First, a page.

The Nuance of Historical Inquiry

To demonstrate just how nuanced the discipline of historical investigation is and can be, the article by Prof Petrow offers the following qualified conclusion:

It is difficult to prove beyond doubt that Lanne’s skull was sent to the Royal College of Surgeons by Crowther. The College’s collection was destroyed by German bombers in World War Two, and Plomley’s later study of contemporary correspondence and catalogues sheds no light on the skull’s fate.

As for Mr. Mansell’s vulgar accusation that Dr. Crowther was a “racist necrophiliac”, one can only assume that he is alluding to the unproven assertion of Allen Mansell that, “William Lanne’s scrotum was severed and used as a tobacco pouch” which was printed on a placard recently in front of Dr. Crowther’s statue in Franklin Square. However, as Prof Petrow states: 

According Ryan, Stokell [not Crowther] made ‘a tobacco pouch’ out of part of Lanne’s skin, his fellow Tasmanian scientists grabbed other body parts (the ears, the nose, and part of one arm), and his arms and feet were kept at the museum, but Ryan seems to have no compelling evidence to support these assertions.


Mansell’s Denial of Colonial History

Significantly, prominent indigenous groups in Tasmania have also come to Dr. Crowther’s defence. Paul Roberts, the general manager of the Circular Head Aboriginal Corporation (CHAC), has even written to the Premier Jeremy Rockcliff to demand an inquiry into “the Crowther and William Lanne skull farce”. As Roberts says, “the recent actions by Hobart City Council and the Tasmanian Aboriginal Centre [are an] attempt to re-write history by proffering fake historical claims.”

All of which proves Councillor Louise Elliot’s point. The task of historical interpretation is complicated and there are often competing theories involving the same set of evidence. Before making the radical decision to remove the statue of a former premier, shouldn’t the Hobart City Council be prepared to weigh all the evidence, to hear both sides of the debate and not just the sole opinion of political activists like Michael Mansell.

Sadly, Dr. Crowther’s legacy is still being utilised as a political football by those with their own personal agendas. What’s more, Ms. Elliot is not guilty of denying historical fact—as Michael Mansell recklessly claims— but is simply calling for a broader debate so that Hobart City Council might make a more informed decision.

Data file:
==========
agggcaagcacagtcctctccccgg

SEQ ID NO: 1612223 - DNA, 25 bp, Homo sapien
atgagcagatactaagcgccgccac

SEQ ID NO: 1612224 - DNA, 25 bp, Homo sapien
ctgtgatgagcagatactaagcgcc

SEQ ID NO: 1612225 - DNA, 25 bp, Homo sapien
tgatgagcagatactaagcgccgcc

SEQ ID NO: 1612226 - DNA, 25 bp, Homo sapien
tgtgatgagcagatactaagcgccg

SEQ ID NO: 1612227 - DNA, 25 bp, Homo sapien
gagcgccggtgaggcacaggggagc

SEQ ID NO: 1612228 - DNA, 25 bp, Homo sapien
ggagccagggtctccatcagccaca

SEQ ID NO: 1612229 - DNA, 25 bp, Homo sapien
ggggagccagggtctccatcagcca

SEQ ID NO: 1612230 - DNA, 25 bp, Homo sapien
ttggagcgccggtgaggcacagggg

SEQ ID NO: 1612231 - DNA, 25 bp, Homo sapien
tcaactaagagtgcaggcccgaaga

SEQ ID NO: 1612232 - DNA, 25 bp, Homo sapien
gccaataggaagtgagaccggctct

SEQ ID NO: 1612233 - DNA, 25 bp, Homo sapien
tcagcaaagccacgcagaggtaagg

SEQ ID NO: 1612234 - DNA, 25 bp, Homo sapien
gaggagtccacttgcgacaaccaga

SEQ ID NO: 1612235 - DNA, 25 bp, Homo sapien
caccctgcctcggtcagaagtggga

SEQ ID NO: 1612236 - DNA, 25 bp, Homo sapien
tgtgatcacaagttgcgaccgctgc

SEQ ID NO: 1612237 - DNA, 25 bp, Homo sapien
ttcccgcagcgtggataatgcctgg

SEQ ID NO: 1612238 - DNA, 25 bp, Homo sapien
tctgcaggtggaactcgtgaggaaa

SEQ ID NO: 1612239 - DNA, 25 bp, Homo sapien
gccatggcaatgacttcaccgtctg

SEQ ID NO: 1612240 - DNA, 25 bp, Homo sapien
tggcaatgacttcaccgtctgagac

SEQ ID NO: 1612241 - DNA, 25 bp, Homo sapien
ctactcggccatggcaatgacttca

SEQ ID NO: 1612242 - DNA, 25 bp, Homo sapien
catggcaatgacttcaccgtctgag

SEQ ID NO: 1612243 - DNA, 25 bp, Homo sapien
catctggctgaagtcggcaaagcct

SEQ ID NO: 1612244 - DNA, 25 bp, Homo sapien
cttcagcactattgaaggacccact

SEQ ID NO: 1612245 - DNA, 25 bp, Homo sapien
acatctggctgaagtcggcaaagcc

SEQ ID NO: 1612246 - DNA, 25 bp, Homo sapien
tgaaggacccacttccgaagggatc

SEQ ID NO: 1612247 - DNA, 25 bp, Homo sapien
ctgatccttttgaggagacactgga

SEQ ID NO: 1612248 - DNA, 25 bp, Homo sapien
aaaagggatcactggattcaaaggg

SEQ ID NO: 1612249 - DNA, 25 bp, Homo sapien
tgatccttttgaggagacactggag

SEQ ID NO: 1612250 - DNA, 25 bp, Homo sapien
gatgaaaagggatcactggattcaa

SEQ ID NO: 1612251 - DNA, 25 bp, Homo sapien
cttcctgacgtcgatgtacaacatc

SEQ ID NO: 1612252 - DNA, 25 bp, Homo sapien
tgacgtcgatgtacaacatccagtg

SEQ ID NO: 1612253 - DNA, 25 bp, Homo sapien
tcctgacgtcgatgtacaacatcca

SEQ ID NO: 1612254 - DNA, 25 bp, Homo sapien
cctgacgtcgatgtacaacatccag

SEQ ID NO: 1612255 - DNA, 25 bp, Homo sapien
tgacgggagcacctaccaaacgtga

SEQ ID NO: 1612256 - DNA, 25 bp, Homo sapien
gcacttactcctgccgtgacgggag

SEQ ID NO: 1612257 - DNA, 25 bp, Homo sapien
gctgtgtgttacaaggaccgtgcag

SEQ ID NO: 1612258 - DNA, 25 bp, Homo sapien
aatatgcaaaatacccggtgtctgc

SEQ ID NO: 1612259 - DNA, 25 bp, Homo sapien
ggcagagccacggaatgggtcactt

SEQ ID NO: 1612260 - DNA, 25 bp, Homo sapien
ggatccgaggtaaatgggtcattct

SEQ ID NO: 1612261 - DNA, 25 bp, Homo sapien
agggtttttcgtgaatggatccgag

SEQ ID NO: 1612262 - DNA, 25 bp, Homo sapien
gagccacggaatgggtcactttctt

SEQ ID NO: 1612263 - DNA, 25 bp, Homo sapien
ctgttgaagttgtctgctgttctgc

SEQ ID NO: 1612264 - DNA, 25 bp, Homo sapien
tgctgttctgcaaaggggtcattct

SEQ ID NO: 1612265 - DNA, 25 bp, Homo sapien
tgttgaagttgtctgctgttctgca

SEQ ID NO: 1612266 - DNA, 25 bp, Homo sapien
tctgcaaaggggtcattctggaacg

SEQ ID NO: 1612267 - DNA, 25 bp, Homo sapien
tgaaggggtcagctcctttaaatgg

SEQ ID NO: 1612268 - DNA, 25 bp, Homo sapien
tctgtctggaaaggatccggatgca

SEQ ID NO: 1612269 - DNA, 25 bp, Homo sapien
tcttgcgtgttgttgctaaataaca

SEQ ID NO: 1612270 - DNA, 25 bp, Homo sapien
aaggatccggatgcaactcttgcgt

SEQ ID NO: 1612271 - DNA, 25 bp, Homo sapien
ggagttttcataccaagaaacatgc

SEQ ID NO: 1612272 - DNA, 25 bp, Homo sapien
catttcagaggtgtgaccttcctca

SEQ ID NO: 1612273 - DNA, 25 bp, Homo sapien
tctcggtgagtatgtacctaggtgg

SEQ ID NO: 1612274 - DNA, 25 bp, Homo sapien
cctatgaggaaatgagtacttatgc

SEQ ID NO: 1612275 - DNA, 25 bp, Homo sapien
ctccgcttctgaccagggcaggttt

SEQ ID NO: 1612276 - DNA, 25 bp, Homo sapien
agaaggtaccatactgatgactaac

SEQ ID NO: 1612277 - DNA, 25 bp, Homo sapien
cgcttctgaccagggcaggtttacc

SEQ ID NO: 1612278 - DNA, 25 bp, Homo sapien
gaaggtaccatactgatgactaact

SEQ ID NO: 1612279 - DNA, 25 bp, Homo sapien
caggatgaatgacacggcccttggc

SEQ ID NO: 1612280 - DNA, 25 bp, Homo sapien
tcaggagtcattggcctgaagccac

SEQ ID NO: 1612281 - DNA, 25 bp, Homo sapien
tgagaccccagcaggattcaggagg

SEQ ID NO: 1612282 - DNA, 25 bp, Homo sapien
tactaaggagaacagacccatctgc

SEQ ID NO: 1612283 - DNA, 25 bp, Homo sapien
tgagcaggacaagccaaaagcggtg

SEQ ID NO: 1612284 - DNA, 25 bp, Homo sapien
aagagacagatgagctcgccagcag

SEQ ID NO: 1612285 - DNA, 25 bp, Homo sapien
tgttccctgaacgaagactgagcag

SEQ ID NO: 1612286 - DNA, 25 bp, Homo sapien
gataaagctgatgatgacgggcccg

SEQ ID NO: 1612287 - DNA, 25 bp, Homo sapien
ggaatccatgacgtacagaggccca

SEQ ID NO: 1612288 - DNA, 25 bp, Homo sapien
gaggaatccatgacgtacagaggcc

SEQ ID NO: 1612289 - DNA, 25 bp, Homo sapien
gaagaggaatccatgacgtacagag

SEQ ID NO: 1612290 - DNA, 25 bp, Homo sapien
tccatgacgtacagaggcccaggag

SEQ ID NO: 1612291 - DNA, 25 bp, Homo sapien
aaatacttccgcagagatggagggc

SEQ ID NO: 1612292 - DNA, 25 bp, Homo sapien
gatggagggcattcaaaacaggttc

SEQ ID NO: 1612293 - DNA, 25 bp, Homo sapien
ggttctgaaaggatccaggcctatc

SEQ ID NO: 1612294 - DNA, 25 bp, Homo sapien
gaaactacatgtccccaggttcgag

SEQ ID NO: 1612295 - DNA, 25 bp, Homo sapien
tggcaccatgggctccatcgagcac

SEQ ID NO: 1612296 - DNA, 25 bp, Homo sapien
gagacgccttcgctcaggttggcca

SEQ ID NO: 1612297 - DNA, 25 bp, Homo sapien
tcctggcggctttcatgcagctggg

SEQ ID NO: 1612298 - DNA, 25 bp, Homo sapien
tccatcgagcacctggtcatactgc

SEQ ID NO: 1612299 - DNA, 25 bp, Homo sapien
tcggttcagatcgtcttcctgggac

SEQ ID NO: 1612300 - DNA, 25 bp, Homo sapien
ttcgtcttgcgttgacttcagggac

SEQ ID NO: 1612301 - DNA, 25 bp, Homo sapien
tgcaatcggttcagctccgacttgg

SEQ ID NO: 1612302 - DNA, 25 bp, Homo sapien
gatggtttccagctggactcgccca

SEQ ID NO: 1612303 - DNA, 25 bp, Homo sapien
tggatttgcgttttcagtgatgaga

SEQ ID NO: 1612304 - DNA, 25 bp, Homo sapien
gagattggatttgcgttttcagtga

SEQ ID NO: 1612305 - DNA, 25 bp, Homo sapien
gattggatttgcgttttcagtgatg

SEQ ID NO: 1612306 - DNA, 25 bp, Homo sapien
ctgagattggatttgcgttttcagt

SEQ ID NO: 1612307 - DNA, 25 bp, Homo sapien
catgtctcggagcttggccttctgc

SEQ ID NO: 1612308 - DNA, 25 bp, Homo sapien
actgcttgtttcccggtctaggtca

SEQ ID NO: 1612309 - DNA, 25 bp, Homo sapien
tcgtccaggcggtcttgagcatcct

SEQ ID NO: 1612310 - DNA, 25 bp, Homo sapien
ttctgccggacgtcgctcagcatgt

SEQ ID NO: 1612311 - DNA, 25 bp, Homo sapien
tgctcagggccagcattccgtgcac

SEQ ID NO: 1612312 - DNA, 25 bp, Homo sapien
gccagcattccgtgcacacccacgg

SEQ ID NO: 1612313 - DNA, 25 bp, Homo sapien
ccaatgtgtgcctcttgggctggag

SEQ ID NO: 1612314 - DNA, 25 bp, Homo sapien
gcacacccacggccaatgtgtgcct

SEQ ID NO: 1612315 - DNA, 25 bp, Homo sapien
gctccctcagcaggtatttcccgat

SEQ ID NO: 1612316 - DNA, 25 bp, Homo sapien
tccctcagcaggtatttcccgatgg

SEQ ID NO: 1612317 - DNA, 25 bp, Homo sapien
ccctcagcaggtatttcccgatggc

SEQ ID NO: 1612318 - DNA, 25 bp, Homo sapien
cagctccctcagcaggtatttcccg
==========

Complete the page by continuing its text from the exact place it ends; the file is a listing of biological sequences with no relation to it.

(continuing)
In response, though, what did the Hobart City Council decide to do? The Mercury is reporting that Ms. Elliot’s motion was voted down without debate. Such is the intellectual cowardice of Hobart’s elected officials.

7 thoughts on “The Posthumous Lynching of William Crowther

  • Paul W says:

    So much fuss about a literal dead body. Aborigines regularly mutilated and dismembered the remains of their enemies. Many colonial Australians did the same, sometimes for science and sometimes not. To an educated and historically-aware person, even if the claims were completely true, which they aren’t, they are laughably trivial. Far worse things have happened in human history and Australian history, and in fact happen right now in this country including to Aborigines that are actually alive.

    This appears to rely upon a combination of post-colonial guilt and shocking modern man’s sensitivities. The mere suggestion that a dead Aborigine was treated disrespectfully is apparently enough to cause controversy. Ironically the fact it was controversial in the past proves that colonial Australians weren’t as morally deficient as we have been told. After all, if the colonists committed genocide against Aborigines then why would anyone care about a dead man losing his head?

  • Lonsdale says:

    From the State Library of Tasmania website: “As a cultural institution, we recognise the lasting trauma experienced by Tasmanian Aboriginal people due to the actions of W L Crowther, Morton Allport and others via their association with the trading of body remains of Tasmanian Aboriginal people, including exporting these remains to Europe.”

  • Aussietom says:

    What has happened to scholarly standards in Hobart?

    So Crowther’s actions are factual because someone says they were, or has a bad feeling about a story which isn’t true?

    And the Council’s actions by removing the statue do what? Make everyone feel more united? It seems not.

    • mpowell says:

      Yeah Aussietom such is the current climate of public discourse that facts don’t matter. What is particularly troubling is that defamatory statements such as Crowther being a “racist necrophiliac” can be made with no consequence legally or politically at all.

  • 48header says:

    A timely and useful article. The dimension of the Uluru Statement and the Voice that calls for a Makarrata or truth telling commission will have rise above the anti-Crowther presumptions and be seriously committed to unexpected and contrarian possibility to arise. Rod Moran on the Forest River Massacre and on the Rev’d Ernest Gribble must, for instance, be read.

  • 48header says:

    The Wikipedia article on William Lanne takes it as fact that Crowther was the man responsible for the dismembering. By the way.